The appearance of the latter in the 1974 edition of the show is the kicking off point for "Eurovision Song Contest: The Story of Fire Saga." With some locals in a small Icelandic fishing town gathered to watch the show, the Swedish quartet's singing of "Waterloo" gets two of the kids there -- young Lars who's been grieving the death of his mother and young Sigrit who's yet to speak her first word -- bopping and dancing around the living room to the upbeat song.

Flash-forward to the present day and Lars (Will Ferrell) and Sigrit (Rachel McAdams) still live in that town and perform music together as Fire Saga, much to the annoyance and disappointment of Lars' father (Pierce Brosnan). They've written original music, but the locals at the pub where they play only want to hear their favorite songs, including the fairly suggestive but undeniably catching "Ja Ja Ding Dong" (which will likely become an earworm for many a viewer).

Lars' dream is not only to enter the Eurovision Song Contest but also win it, something everyone except for Sigrit believes is next to impossible. But when the folks running Iceland public TV need to meet their rules and must select a twelfth band to fill out the roster, Fire Saga literally gets the luck of the draw. Their good fortune continues when their performance goes horribly awry and they don't end up on a party boat where an explosion kills the rest of the competitors (don't worry, that's all played for goofy laughs, the kind of which are often found in movies starring Mr. Ferrell).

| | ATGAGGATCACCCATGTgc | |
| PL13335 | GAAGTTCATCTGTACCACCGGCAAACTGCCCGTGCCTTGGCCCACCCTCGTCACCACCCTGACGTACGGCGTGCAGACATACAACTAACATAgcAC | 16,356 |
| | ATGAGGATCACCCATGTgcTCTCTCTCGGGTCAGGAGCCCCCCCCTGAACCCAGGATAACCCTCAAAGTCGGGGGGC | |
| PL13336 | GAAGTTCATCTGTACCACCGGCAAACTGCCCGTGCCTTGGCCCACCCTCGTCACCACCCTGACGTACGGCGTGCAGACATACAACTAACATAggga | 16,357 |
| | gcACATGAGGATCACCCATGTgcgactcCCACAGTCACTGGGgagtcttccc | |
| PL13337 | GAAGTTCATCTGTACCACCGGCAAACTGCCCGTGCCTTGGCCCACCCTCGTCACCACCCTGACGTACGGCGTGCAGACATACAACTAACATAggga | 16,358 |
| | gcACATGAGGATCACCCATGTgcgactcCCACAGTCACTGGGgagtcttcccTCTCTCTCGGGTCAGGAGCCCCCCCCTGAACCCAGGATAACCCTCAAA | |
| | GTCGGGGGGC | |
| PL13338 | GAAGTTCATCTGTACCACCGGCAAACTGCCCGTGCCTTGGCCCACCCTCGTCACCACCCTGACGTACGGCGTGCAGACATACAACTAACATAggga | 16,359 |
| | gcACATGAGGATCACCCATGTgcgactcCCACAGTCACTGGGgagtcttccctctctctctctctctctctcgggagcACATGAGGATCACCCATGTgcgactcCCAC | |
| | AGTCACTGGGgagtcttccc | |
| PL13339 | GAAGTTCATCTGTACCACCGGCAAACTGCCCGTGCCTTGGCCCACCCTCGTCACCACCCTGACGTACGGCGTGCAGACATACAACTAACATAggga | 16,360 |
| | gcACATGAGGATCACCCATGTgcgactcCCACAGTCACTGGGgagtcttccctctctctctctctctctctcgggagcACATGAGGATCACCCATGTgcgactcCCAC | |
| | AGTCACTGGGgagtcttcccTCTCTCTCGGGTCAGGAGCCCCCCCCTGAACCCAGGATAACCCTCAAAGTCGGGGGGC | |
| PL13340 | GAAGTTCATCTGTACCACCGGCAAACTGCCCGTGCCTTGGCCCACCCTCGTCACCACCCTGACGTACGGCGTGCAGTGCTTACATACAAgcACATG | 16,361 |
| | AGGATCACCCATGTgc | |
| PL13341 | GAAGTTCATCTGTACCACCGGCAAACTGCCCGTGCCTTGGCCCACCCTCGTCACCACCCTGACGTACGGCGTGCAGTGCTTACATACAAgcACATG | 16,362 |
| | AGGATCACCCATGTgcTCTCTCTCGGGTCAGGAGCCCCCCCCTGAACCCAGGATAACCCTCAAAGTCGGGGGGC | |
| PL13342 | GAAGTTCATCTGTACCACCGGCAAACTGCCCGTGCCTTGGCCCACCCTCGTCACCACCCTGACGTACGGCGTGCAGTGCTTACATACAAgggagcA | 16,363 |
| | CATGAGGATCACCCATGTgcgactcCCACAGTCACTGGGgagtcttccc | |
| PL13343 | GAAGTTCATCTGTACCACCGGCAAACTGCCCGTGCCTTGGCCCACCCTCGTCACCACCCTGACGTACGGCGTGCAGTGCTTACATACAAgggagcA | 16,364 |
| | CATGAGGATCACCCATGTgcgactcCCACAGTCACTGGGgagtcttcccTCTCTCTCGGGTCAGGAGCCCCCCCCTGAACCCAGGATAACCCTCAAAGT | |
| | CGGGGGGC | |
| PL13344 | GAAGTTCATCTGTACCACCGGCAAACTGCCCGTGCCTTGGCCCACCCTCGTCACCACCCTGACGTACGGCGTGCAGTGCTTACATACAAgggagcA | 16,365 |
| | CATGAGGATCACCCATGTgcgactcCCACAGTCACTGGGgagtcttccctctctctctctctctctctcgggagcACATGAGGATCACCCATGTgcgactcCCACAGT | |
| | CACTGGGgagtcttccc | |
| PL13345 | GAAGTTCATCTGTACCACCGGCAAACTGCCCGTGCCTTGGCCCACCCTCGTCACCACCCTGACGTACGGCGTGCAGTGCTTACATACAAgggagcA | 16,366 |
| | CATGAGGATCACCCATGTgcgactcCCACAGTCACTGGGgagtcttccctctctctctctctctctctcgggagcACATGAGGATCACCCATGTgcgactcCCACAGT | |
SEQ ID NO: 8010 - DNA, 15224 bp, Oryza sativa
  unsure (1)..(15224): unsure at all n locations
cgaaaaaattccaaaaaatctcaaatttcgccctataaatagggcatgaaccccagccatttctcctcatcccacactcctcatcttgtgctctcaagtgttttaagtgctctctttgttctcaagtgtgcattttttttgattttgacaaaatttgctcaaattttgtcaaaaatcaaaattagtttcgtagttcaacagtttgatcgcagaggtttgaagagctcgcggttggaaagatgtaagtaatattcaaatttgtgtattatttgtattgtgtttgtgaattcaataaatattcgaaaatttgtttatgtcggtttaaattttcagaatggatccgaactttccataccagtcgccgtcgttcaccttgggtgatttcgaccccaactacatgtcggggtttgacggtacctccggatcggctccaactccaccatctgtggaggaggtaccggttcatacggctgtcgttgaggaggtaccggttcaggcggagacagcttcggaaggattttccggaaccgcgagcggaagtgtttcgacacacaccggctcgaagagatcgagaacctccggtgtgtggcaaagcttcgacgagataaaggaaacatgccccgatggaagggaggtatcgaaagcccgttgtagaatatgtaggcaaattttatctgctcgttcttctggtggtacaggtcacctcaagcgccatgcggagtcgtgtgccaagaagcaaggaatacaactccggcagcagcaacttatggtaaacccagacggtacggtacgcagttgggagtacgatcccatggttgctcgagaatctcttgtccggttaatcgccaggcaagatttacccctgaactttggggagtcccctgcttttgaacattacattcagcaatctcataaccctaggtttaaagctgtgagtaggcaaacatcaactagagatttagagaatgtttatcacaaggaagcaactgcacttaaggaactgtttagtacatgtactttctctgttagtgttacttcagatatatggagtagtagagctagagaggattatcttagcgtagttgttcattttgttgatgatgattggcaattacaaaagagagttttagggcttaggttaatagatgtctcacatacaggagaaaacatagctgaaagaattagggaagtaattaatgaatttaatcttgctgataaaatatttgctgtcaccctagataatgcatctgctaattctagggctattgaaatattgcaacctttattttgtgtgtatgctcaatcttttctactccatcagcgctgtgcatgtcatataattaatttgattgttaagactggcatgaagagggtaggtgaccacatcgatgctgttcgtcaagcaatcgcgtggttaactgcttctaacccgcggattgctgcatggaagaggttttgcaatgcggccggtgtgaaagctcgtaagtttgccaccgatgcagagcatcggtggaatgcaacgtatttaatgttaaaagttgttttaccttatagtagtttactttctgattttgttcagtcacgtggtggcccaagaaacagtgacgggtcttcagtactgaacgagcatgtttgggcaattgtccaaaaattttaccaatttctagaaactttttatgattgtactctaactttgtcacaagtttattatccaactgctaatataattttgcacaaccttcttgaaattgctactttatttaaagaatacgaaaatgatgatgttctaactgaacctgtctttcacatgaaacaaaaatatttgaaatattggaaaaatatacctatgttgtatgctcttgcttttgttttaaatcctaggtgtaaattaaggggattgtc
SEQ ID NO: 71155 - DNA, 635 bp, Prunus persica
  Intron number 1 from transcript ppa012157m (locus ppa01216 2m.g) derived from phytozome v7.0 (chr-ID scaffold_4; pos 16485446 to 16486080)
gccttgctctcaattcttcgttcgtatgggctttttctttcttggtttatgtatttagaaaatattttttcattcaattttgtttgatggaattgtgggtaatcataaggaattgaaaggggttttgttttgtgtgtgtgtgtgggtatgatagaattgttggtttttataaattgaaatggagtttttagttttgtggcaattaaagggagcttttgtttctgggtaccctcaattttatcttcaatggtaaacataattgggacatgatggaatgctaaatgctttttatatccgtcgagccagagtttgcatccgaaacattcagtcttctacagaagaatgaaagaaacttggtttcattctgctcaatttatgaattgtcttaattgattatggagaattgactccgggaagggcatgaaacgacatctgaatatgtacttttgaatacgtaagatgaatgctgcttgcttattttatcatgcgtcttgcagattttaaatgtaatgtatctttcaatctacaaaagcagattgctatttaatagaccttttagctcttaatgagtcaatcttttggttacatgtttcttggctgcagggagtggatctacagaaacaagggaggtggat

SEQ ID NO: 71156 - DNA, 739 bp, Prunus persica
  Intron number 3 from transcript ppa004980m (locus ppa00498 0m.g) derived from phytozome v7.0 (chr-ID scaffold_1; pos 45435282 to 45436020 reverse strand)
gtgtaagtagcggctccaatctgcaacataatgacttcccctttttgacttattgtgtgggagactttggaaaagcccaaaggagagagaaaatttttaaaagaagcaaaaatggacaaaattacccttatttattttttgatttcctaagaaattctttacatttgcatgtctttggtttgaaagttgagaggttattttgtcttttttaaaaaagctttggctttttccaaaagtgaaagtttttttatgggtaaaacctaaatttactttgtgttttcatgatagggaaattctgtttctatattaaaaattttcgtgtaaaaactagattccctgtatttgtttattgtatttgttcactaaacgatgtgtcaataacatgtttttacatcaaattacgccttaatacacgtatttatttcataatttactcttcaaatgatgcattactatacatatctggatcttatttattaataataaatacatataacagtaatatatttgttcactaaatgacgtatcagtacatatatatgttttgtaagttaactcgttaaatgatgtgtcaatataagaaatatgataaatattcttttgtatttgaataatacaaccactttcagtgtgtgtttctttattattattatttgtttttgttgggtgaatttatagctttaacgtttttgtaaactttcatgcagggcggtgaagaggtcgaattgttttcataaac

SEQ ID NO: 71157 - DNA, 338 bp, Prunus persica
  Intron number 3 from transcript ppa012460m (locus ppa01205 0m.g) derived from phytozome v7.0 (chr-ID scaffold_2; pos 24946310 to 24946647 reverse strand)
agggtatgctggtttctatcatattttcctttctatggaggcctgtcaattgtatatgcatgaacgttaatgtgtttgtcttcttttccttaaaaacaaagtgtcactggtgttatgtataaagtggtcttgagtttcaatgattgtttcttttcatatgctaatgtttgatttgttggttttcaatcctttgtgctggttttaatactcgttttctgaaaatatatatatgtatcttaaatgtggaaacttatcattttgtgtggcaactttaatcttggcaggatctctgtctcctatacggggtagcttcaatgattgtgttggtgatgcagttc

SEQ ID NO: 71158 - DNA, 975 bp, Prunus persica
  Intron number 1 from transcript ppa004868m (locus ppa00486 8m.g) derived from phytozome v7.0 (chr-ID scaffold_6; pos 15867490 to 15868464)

So, the duo is soon off to Edinburgh for the big show but realize they're up against some stiff competition, including the strikingly handsome and uber-rich Alexander Lemtov (a scene-stealing Dan Stevens who needs his own movie playing this character) who sets his sights (seemingly romantically but really just professionally due to his forbidden sexual orientation in Mother Russia) on Sigrit, and Greek singer Mita Xenakis (Melissanthia Mahut) who finds herself attracted to Lars.

This, of course, puts the duo's performance relationship in jeopardy since they've never acted on their all-too-obvious romantic impulses, and lets Ferrell wallow in his usual man-child sort of character that he's known for playing with reckless abandon. Yes, and as directly related to that and his fabulous earlier career on "Saturday Night Live," this offering -- that Ferrell co-wrote with Andrew Steele and is directed by David Dobkin -- often feels like such a skit that's somehow escaped the confines of its usual three or four-minute structure and unfolded into feature-length form. And at a bit more than two hours, it's way too long for a silly pic like this.

Yet, despite often threatening to overstay its welcome, it ultimately turns out to be a charming, sweet and, yes, sometimes quite funny if at least fairly consistently amusing offering that should bring both a welcome respite from the current state of world affairs and some attention to the long-running, real-life show. And for that, "Eurovision Song Contest: The Story of Fire Saga" rates as a 6 out of 10. Ja ja ding dong indeed.




Reviewed June 24, 2020 / Posted June 26, 2020